Example. From around 1990 the objective was also to reduce the Danish contribution to the greenhouse effect. The municipal council must prepare a plan for the supply of heat in the municipality. geothermal installations etc. CHP based on waste takes precedence over other fuels.The most efficient waste management system in Europe Energy production and environmental benefits Waste amounts for incineration Due to its waste and energy policies Denmark is the country in Europe – measured in kg per capita per annum – that incinerates or recycles the greatest amount of waste and disposes of the smallest amount of waste to District heating is the supply of hot water or steam from CHP plants. waste-to-energy facilities. industrial enterprises. Food and Rural Affairs http://www. Denmark also has special facilities for the incineration of sewage sludge. They must see to it that district heating projects are carried out. It can be seen that the amount for incineration is expected to continue its increase. According to the so-called biomass agreement of 14 June 1993 entered into by seven of the political parties in the Danish Parliament at the time. paragraph 2: ‘The supply of heat shall be organised with a view to promoting the highest possible degree of cogeneration of heat and power. There is only one facility in the country that is designed to handle hazardous waste. As the first country in Europe. Denmark: Landfill 8 per cent. Treatment form – municipal waste in Western Europe ������������������������� ��� �� �� �� �� �� �� �� �� �� � �� ��������� �� �� �� �� �� �� �� �� �� �� �� �� �� �� �������������������� ������������ ����� Elements of the Danish energy policy In the years following the oil crises in 1973 and 1979 Denmark adopted comprehensive energy legislation.’ In line with this policy the municipalities with large or medium-sized waste-to-energy facilities received at the beginning of the 1990s a demand requiring the conversion of the heat production to CHP production. 10 . and have included a commitment to establish supply by district heating facilities. Department for Environment.htm In addition to municipal solid waste incineration facilities. This means that the amounts of waste for incineration have in recent years increased far more than the general increase in waste arisings. The figure overleaf shows the amounts treated in 1982. It also shows the amounts that according to the prognoses of the Danish Environmental Protection Agency must be expected to go to incineration in 2011 and 2020. Since 1990 it has been part of the Danish energy policy that district heating should first and foremost be produced in the form of CHP. and can also assume the authority to approve projects. The means have been manifold. and they must also approve such projects. 1994 and 2003. incineration 26 per recycling/composting 66 per cent. Source publication: e-Digest of Environmental Statistics. The primary purpose was to increase the security of supply and decrease the reliance upon oil. the figures will look different. If industrial/ commercial waste is included. Denmark introduced a ban on landfilling of waste suitable for incineration as per 1 January 1997.defra. Note: The figure includes municipal waste only. This is reflected in the Heat Supply Act already in Article 1. however. namely Kommunekemi. direct that specific preconditions shall form the basis of the planning. Published November 2004. The Minister of Transport and Energy may.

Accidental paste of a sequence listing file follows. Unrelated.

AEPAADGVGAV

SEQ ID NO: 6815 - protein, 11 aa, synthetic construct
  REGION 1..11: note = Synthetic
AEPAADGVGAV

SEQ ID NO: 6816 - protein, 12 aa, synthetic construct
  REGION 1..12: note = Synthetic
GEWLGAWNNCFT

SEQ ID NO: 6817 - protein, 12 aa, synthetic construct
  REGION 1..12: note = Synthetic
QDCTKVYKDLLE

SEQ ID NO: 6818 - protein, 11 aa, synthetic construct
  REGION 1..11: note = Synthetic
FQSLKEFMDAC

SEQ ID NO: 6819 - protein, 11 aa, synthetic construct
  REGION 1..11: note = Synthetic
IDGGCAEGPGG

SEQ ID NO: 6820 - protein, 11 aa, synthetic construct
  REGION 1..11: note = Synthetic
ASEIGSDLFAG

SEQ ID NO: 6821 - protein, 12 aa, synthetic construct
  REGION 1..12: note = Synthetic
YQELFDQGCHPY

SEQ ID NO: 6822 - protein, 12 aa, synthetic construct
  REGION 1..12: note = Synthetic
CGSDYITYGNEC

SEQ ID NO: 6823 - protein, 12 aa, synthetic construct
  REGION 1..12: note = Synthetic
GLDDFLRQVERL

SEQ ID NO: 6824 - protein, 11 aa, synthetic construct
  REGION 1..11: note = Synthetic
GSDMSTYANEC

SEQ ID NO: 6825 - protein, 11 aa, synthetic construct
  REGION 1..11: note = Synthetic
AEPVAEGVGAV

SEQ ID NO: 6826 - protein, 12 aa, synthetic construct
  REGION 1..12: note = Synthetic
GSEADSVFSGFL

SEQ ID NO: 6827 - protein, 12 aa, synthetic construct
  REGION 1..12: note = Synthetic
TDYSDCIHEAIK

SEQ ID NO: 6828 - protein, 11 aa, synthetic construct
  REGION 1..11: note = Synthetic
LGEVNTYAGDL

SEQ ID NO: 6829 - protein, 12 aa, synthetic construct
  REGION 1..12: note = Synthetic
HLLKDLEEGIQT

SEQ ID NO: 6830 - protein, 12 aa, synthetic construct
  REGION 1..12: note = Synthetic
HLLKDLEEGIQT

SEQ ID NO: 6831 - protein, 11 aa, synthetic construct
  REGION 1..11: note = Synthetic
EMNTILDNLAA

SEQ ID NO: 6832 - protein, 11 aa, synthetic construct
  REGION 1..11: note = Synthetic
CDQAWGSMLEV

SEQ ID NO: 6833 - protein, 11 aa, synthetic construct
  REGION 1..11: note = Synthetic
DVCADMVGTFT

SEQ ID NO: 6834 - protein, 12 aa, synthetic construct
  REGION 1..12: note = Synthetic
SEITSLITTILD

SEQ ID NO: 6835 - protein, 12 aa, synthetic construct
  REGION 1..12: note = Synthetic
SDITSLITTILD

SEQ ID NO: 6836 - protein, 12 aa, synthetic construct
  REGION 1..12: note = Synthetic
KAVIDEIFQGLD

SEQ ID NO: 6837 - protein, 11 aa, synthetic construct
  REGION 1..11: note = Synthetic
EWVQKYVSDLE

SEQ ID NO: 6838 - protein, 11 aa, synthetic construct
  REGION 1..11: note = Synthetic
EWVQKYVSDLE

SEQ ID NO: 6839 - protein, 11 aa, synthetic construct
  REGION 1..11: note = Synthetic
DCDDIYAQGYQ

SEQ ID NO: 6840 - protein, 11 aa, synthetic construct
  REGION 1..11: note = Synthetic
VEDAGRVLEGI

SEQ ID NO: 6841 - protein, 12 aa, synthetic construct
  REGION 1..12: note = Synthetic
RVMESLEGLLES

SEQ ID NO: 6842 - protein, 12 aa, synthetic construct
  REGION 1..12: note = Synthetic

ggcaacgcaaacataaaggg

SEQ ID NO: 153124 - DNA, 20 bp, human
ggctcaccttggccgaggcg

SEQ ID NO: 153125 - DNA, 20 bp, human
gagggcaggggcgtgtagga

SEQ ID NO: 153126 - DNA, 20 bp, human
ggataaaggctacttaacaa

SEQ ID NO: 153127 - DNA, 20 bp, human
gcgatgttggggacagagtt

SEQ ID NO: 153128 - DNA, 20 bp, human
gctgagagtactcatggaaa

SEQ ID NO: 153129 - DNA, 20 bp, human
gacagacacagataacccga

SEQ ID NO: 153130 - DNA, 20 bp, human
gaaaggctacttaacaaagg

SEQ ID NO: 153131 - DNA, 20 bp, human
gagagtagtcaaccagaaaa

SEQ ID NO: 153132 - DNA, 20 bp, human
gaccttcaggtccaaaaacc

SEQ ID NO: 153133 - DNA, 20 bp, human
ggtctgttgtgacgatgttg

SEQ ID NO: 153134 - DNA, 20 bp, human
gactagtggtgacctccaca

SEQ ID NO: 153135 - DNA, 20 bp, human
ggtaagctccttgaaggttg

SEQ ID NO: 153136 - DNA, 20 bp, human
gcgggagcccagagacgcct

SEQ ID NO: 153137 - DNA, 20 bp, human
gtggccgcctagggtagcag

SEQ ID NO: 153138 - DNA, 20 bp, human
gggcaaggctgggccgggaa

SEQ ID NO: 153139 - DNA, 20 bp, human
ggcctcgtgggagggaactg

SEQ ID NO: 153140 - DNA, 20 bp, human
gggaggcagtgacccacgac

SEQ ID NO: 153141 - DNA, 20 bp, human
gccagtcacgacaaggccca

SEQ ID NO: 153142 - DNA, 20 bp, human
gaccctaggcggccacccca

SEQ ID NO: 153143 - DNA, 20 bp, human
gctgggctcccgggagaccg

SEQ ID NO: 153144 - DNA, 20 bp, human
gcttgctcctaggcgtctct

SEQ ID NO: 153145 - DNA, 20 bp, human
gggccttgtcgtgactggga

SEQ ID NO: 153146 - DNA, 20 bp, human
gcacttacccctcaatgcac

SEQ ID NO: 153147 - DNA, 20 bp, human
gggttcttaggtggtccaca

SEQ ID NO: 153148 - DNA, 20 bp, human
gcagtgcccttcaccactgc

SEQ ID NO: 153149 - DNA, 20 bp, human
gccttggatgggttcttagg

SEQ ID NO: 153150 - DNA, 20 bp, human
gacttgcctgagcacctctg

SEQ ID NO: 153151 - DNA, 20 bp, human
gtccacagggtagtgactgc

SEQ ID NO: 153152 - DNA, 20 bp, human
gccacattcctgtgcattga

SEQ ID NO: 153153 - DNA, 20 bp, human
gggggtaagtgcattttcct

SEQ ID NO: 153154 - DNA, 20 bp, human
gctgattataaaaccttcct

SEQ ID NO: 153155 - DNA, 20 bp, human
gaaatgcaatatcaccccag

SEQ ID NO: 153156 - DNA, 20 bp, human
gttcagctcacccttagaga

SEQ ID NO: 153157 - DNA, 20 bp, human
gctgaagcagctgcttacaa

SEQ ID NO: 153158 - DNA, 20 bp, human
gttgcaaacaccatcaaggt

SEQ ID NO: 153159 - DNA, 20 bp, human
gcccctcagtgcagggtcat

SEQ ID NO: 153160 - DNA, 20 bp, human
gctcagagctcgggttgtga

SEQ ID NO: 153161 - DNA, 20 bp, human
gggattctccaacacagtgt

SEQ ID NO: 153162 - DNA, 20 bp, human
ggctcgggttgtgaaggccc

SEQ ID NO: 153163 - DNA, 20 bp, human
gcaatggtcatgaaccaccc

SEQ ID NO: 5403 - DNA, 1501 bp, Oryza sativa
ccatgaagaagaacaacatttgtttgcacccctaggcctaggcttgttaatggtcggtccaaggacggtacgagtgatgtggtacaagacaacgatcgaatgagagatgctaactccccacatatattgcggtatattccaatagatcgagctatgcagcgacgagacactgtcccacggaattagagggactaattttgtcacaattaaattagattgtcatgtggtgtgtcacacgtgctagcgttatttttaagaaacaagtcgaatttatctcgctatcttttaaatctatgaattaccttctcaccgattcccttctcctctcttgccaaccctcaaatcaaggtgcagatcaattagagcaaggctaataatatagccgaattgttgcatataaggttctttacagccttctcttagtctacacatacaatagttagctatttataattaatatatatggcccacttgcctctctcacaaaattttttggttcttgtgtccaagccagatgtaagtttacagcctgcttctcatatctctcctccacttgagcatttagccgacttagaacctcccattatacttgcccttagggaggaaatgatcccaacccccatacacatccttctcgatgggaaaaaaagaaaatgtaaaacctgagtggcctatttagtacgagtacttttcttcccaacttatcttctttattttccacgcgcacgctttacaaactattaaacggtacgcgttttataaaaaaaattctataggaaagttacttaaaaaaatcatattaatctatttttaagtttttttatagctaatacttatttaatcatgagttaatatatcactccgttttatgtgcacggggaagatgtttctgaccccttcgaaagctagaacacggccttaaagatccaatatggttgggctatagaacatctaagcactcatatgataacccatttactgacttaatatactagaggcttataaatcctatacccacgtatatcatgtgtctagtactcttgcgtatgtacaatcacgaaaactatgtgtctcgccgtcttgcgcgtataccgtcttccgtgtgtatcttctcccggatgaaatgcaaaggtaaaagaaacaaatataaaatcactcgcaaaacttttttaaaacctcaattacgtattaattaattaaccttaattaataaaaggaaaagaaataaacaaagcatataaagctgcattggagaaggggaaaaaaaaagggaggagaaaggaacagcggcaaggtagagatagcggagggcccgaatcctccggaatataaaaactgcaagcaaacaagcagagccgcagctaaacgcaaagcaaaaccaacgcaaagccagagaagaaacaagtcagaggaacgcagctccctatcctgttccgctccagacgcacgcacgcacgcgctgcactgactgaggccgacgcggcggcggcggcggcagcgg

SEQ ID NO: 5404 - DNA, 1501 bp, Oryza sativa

045) per kWh. regulations pertaining to pollution from the waste-to-energy facilities have been introduced. Waste incineration facilities with energy recovery shall be assigned for waste suitable for incineration. Power Supply Act The Power Supply Act is intended to promote sustainable energy production. while also creating competition on markets for production of and trade in electricity.34 (€ 0. the acts indirectly regulate the financial framework of the waste-to-energy facilities. 3 per cent of the total Danish electricity production and approx.015) per kWh so that it ceases when the market price is DKK 0. The heat generated from waste made up approx. Source: Dakofa – Danish Waste Management Association (1985) and waste statistics of the Danish Environmental Protection Agency for 2003.000 households.5 million households are supplied with district heating. The heat supply should be organised with a view to promoting the highest possible degree of cogeneration of heat and power. The electricity produced at the wasteto-energy facilities therefore covers the consumption of approx. 18 per cent of the total district heating production in 2003.6 MWh of heat. the waste-to-energy facilities covered approx.47 million MWh of electricity and 6. The Danish Energy Regulatory Authority – DERA – supervises the pricing of the energy.5 million households. Heat Supply Act The Heat Supply Act has the objective of promoting the most socio-economic and environmentally friendly utilisation of energy and reducing the reliance of the energy system on oil. including the use of CHP and renewable and environmentally friendly energy sources. In this way. Pursuant to the Act. 2. 1. The average Danish household consumes 3.36 million MWh of district heating. Specifically. Hence. including the balance between the part of the total operating costs covered by sale of energy and the part that has to be covered by the gate fee. One could say that the act ensures that the waste-to-energy facilities are supplied with the entire amount of waste suitable for incineration and can therefore act accordingly. � ���� ���� Three acts going hand in hand For the waste-to-energy facilities there are three acts of decisive importance: Environmental Protection Act The Environmental Protection Act with related orders requires that the municipalities shall collect household waste and assign treatment and disposal facilities for commercial and industrial waste. 360. This act ensures that the waste-to-energy facilities can be connected to district heating supply systems and therefore can sell the heat produced. 40 per cent of the total heat production from renewable energy sources.Waste-to-energy in Denmark Waste for incineration (million tonnes) ���������������������� ���������������� � � � � � ���� ���� ���� ����� The development in waste amounts for incineration.11 (€ 0. The continued extension of district heating has made this development possible. In order to promote environmentally friendly electricity production. The surcharge is reduced proportionally at a market price of more than DKK 0. 430. 11 . The heat supply should therefore preferably come from district heating.430 kWh of electricity and 17. All of the waste was incinerated at facilities with recovery of energy for the production of electricity and/or district heating.3 million tonnes of waste. 3. Section 9 of the Act lays down rules for surcharges for electricity produced on the basis of renewable energy sources as well as electricity produced at decentral CHP plants and power production facilities using waste as fuel. the waste-to-energy facilities are secured a certain minimum price for the electricity produced for a number of years. E n e rg y r e c o v e r ed from w a s t e i n D e n m ark In 2003 Denmark incinerated approx. As each household consumes more heat than electricity. The energy produced must be traded on commercial terms. According to the energy statistics of the Danish Energy Agency for that same year. which cannot be landfilled. the waste-to-energy facilities produced a total of 1. Section 4 of the Act states that municipalities may carry out grid activity and electricity production by waste incineration. This is a 50 per cent increase since 1988.000 out of a total of approx. Today. Together. the heat production covers the consumption of approx.